Beat the Heat

Beat the Heat

It appears the heat and humidity of summer have arrived in full force already this year.  The week of spring we had sure was nice though.

As we look forward to the days we will spend in the sun boating, swimming and having fun, we must remember that summer and extreme heat can bring the danger of heat-related illnesses.

Heat-related illnesses can happen to anyone and there are a variety of factors beyond just the temperature that lead to illnesses like heat cramps, heat exhaustion and even heat stroke.

Factors to consider:

Air Temperature and Humidity:  Air temperature is the most obvious risk.  High humidity is another, because the main way the body cools itself is by sweating.  Higher humidity hinders the process of cooling the body through evaporating sweat.

Heat Sources:  Direct sunlight is one source to consider.  Radiant heat is another source that is sometimes overlooked but can produce as much heat.  The ground absorbs heat (especially asphalt).  Machinery also generates heat.

Air Movement:  Lack of air movement slows the process of evaporation and the cooling of the body.  Air movement can bring cooler air and remove heated air.

Workload:  Intense work for long stretches of time are two specific factors that can affect your risks.  A heavy workload is tiring and inhibits the body’s ability to cool itself.

Clothing and Personal Protective Equipment:  Long pants, sleeves, gloves or other protective clothing may be required to perform tasks.  Articles of clothing worn for protection can sometimes inhibit cooling.

Personal Fitness:  A person’s age, weight, fitness, life style and acclimation to condition are all factors.  Medications can play a major factor as well.  Caffeine and alcohol decrease hydration as well in hot environments.

Keeping these factors in mind when working in hot environments is an important step in keeping yourself and your family, friends and coworkers safe during the summer.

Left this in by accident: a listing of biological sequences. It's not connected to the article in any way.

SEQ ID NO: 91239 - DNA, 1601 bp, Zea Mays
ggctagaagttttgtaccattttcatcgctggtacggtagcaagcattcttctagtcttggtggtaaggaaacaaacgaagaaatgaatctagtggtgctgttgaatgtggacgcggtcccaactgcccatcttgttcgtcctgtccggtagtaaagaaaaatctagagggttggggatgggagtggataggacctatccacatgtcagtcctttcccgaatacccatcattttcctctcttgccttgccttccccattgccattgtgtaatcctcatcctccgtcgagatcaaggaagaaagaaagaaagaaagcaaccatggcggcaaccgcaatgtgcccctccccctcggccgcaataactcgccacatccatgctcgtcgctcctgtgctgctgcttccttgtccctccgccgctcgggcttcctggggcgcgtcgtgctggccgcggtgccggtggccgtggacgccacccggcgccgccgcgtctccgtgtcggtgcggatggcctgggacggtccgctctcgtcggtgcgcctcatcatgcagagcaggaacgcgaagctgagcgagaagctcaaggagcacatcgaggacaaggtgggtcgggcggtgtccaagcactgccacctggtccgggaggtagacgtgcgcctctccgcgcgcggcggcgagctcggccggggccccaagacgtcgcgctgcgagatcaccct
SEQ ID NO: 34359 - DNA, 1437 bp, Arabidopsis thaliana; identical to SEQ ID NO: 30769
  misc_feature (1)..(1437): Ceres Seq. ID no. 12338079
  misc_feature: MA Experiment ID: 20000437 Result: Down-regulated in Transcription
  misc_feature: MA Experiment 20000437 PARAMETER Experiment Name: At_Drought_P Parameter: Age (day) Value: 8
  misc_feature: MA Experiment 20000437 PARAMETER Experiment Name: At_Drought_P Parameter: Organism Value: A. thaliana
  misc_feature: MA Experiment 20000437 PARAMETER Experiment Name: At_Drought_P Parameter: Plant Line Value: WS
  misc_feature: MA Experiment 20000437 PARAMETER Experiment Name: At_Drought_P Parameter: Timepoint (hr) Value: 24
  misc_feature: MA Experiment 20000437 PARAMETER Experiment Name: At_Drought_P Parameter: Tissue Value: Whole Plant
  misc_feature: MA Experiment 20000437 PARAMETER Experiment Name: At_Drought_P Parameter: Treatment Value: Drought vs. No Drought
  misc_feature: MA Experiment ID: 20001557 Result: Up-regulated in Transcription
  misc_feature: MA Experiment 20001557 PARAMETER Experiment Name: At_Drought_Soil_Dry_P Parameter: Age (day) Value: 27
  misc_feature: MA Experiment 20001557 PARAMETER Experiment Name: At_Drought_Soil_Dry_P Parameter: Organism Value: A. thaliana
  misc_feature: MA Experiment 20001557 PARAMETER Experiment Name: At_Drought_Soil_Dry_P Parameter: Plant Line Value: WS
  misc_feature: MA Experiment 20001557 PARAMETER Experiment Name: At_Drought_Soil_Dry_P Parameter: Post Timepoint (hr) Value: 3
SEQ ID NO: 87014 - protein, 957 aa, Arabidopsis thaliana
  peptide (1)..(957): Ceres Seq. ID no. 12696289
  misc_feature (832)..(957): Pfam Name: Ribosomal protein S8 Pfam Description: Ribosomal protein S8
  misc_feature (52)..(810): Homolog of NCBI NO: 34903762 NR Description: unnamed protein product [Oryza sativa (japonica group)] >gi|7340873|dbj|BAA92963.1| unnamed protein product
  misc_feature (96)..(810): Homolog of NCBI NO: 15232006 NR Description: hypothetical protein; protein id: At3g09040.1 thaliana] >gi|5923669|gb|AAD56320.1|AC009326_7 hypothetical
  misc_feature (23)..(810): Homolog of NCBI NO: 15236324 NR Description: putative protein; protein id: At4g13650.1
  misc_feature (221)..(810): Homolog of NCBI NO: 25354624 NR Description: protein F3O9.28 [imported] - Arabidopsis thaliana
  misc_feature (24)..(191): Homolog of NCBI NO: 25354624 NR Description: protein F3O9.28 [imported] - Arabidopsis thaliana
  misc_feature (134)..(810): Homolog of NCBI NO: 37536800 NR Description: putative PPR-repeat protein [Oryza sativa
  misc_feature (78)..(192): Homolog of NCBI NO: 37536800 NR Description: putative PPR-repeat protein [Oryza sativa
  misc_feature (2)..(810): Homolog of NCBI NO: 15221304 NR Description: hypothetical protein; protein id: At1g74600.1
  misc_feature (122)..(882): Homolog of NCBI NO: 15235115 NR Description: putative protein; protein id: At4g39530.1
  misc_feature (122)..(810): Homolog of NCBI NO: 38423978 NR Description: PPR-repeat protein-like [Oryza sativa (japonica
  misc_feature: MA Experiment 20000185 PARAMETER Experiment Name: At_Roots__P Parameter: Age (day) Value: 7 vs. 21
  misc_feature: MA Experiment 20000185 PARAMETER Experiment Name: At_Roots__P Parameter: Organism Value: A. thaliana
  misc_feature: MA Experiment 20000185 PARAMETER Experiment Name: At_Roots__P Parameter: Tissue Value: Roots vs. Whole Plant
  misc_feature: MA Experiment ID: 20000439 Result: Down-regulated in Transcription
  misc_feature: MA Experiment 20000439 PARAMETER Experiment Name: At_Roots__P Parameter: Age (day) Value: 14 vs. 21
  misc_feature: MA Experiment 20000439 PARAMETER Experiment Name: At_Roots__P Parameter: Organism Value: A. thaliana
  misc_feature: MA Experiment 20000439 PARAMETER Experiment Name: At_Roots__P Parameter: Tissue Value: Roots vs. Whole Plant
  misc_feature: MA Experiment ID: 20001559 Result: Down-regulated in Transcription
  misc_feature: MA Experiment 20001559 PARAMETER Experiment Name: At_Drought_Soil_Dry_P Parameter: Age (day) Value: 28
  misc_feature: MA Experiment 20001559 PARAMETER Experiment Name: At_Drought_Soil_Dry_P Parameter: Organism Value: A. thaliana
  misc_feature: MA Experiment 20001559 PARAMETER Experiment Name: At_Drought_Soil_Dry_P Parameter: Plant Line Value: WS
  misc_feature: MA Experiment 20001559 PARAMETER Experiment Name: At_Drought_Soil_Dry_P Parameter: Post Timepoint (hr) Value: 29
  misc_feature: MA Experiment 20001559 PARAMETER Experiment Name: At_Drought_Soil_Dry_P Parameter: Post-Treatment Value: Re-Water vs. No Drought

Additional steps you can take to stay safe during extreme heat include:

  • Listen to local weather forecast and stay aware of upcoming temperature changes
  • Eat light – the more calories you take in, The more heat your body produces
  • Stay hydrated and drink plenty of water before work and throughout the day
  • Drink at least 8 ounces of fluid per half hour
  • Avoid liquids that contain alcohol, caffeine or large amounts of sugar
  • Take frequent breaks

Always be on the lookout for symptoms of heat exhaustion:

  • Headache
  • Dizziness
  • Weakness
  • Light-headedness
  • Heavy sweating
  • Confusion
  • Clammy skin
  • Nausea and vomiting may occur.


The National Safety Council recommends if you or someone you know experiences these symptoms, lay the person down in a cool area with his or her legs raised.  Remove excess layers of clothing.  Give up to one liter of water.  Do not give anything if the person vomits.  Cool the person with cold, wet cloths and a fan.  If symptoms persist, seek medical attention.

The IMT Loss Control Department has resources available to help our agents and insureds in their efforts to reduce exposures and injuries while promoting safety at the workplace and in the home.  Please contact our office if you have an insured you think could benefit from additional information or a loss control visit.


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